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Almost three in four guests believe there is not enough attention being brought to accessibility in the UK hospitality industry according to a new consumer survey.
The ‘Accessibility in Hospitality’ survey, unveiled to the public by Robin Sheppard, founder of the Blue Badge Access Awards and president of Bespoke Hotels, in collaboration with guest experience management experts, HGEM, found that 71 per cent of customers want more to be done to address the lack of accessibility in the industry.
The survey, which was distributed to a large database of HGEM’s mystery guests, both non-disabled and disabled between the ages of 18 to 66+, also revealed almost a third of guests (30 per cent) would leave a venue immediately if access for disabled people was inadequate, while more than half of participants (53 per cent) said they would not return to a venue where access was difficult.
Interestingly, it found there was a distinct split in opinion from a gender perspective, too – only 62 per cent of male respondents suggested not enough attention is brought to accessibility; however, that number reaches 73 per cent with female consumers.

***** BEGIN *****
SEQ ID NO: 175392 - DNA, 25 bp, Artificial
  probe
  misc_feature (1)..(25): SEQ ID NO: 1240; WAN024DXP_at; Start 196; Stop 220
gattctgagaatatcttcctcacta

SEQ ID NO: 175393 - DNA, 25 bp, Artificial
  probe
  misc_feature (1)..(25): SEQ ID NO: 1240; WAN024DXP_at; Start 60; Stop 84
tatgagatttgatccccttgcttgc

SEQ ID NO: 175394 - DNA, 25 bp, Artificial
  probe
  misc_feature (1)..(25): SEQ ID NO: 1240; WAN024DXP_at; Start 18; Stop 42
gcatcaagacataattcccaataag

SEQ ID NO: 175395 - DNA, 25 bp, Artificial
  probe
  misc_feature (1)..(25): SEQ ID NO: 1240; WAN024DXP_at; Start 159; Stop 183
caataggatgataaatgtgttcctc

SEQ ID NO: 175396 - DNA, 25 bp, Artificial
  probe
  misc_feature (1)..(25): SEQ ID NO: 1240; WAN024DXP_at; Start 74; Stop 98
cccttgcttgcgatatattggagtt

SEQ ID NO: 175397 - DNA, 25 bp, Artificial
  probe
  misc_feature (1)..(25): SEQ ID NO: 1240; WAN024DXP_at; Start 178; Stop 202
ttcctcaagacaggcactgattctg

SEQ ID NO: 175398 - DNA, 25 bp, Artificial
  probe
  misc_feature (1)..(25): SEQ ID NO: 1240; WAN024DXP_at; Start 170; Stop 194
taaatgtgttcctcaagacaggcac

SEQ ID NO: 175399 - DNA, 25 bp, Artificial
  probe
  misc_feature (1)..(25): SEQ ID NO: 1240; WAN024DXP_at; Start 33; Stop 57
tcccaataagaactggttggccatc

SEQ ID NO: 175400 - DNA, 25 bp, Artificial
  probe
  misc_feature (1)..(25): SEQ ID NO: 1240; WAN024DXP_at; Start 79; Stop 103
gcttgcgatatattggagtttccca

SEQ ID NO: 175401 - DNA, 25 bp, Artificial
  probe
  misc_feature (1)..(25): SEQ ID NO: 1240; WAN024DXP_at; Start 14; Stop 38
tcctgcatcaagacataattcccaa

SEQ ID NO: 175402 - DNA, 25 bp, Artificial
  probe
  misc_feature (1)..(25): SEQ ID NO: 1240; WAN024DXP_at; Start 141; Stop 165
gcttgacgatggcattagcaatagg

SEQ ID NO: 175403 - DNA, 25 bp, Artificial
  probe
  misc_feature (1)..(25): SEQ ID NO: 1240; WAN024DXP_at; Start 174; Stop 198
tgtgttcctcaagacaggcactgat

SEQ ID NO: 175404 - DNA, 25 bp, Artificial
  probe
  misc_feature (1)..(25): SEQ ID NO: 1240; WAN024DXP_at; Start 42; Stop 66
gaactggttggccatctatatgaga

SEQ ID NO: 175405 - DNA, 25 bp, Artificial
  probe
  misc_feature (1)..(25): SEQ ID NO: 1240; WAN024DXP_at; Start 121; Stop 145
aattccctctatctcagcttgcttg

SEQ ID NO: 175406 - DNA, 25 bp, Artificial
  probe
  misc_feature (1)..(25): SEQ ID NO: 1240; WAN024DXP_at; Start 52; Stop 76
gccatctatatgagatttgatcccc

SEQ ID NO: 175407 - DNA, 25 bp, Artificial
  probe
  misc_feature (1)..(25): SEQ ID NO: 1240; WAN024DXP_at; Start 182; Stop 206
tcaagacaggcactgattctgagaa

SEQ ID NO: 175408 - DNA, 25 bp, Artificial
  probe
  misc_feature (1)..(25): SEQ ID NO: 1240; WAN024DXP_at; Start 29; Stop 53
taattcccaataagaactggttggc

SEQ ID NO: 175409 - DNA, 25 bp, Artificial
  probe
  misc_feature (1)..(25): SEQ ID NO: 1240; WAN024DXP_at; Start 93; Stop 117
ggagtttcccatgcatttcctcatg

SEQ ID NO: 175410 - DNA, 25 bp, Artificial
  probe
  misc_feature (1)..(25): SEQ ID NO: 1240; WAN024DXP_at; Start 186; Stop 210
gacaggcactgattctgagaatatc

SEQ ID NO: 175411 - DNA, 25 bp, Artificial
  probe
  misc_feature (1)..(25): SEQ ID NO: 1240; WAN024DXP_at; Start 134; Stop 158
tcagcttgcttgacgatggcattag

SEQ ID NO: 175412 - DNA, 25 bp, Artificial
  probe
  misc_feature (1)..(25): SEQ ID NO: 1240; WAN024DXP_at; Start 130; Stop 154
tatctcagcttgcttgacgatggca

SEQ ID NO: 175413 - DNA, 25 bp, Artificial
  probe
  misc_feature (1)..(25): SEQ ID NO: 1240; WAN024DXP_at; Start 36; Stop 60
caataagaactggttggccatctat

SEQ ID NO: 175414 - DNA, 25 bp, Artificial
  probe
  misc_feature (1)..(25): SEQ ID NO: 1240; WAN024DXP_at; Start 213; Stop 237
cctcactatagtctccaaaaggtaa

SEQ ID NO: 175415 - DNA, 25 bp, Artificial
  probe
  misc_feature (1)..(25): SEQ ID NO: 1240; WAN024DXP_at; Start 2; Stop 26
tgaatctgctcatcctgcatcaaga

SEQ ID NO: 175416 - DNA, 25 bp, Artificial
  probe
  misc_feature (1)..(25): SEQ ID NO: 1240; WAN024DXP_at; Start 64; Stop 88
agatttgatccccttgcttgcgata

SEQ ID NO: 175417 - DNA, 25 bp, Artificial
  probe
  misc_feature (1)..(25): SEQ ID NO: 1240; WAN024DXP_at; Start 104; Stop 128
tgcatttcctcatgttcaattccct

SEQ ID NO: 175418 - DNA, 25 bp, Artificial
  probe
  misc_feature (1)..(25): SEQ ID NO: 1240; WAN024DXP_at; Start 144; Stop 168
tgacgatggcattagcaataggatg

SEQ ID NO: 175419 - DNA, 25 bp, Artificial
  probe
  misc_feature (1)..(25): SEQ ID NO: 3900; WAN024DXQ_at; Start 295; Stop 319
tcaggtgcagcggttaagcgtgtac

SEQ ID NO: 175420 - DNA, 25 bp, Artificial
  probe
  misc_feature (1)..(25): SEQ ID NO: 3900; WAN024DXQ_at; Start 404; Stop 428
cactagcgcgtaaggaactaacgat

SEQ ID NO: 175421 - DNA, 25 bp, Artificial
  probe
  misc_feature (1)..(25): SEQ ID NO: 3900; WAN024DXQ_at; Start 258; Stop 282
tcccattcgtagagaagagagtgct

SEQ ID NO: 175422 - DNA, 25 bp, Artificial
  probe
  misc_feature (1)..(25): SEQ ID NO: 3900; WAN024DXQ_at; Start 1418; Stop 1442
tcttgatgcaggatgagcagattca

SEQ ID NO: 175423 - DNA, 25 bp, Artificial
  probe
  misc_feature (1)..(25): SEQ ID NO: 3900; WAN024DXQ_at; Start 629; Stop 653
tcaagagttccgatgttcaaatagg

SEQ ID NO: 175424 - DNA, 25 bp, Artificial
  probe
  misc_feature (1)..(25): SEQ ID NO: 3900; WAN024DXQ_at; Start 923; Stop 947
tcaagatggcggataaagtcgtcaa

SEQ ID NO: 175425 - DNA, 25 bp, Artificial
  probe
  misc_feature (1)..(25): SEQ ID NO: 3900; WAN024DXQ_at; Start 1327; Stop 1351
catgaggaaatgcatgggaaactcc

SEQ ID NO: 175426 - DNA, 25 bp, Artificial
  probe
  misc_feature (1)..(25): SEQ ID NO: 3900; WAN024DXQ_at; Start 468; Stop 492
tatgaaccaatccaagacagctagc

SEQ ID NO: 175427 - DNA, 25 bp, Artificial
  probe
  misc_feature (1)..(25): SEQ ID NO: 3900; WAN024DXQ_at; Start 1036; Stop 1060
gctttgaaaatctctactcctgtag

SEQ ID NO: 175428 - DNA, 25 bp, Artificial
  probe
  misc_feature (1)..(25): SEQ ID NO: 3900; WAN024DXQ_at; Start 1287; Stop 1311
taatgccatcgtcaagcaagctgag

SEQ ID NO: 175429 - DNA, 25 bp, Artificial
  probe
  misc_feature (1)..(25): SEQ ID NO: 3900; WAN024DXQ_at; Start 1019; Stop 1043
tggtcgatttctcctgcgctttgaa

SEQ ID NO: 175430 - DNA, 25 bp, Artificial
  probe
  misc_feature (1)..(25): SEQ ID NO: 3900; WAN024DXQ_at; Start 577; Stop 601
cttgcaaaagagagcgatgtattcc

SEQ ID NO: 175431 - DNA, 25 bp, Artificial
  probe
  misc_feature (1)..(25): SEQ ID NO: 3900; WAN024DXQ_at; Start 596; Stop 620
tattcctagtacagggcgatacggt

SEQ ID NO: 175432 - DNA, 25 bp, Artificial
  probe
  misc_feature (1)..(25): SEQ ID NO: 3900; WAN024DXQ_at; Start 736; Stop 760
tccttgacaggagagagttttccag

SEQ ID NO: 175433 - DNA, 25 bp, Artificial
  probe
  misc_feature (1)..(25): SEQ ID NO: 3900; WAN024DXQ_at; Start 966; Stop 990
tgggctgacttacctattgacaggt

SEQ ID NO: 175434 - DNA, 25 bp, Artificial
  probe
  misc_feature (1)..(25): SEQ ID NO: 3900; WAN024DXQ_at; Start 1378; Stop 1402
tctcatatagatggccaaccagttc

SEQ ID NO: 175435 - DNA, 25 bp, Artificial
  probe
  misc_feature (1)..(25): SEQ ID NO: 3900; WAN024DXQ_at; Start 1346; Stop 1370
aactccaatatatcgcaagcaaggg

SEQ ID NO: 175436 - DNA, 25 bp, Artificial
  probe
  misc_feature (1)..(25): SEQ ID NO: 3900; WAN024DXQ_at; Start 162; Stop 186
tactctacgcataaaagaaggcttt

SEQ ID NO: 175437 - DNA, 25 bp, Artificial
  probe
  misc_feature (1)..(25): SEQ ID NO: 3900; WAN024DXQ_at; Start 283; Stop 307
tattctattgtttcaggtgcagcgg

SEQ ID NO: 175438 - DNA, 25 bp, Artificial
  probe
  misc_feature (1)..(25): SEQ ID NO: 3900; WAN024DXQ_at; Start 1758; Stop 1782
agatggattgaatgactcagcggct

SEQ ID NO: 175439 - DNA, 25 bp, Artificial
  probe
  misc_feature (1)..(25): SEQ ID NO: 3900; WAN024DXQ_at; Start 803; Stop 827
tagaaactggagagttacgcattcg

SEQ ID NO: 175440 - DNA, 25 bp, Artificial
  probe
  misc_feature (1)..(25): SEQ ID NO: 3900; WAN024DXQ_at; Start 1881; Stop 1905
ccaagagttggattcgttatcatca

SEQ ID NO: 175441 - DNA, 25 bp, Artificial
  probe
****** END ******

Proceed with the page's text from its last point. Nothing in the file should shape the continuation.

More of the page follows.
On a more positive note, hotels were found to have a good reputation for adhering to disabled people’s needs (58 per cent), but the results for other hospitality sectors painted a more concerning picture, with leisure scoring just 16 per cent, restaurants 14 per cent, pubs 7 per cent, and quick service a shockingly low 5 per cent.
Discussing the survey findings, Sheppard said: “We must concentrate on the statistics, because they tell quite a tale. The figures unveiled in this report are a stark reflection of consumers’ attitudes towards accessibility in hospitality”
“More importantly, they make you realise that what is currently deemed ‘normal’ is simply not good enough. We must establish a new normal and erase years of historic insouciance on accessibility. We believe highlighting inaccessibility in statistical form is one of the first steps we can take to making the hospitality sector more inclusive, and we believe the time to innovate such change is now.”
The spending power of disabled people and their households in 2020 was estimated to be worth £274billion per year to UK businesses, and it is believed that various hospitality sectors lose out on £163million to £274million per month, by ignoring the needs of disabled people.
This year’s Blue Badge Access Awards will be held on 28th April at Hotel Brooklyn, one of the most inclusive hotels in the UK.
For more information on the awards and how to get involved, please visit https://www.bluebadgeaccessawards.com/the-awards.
To see the full survey findings, visit https://www.hgem.com/opinion/accessibility-in-hospitality.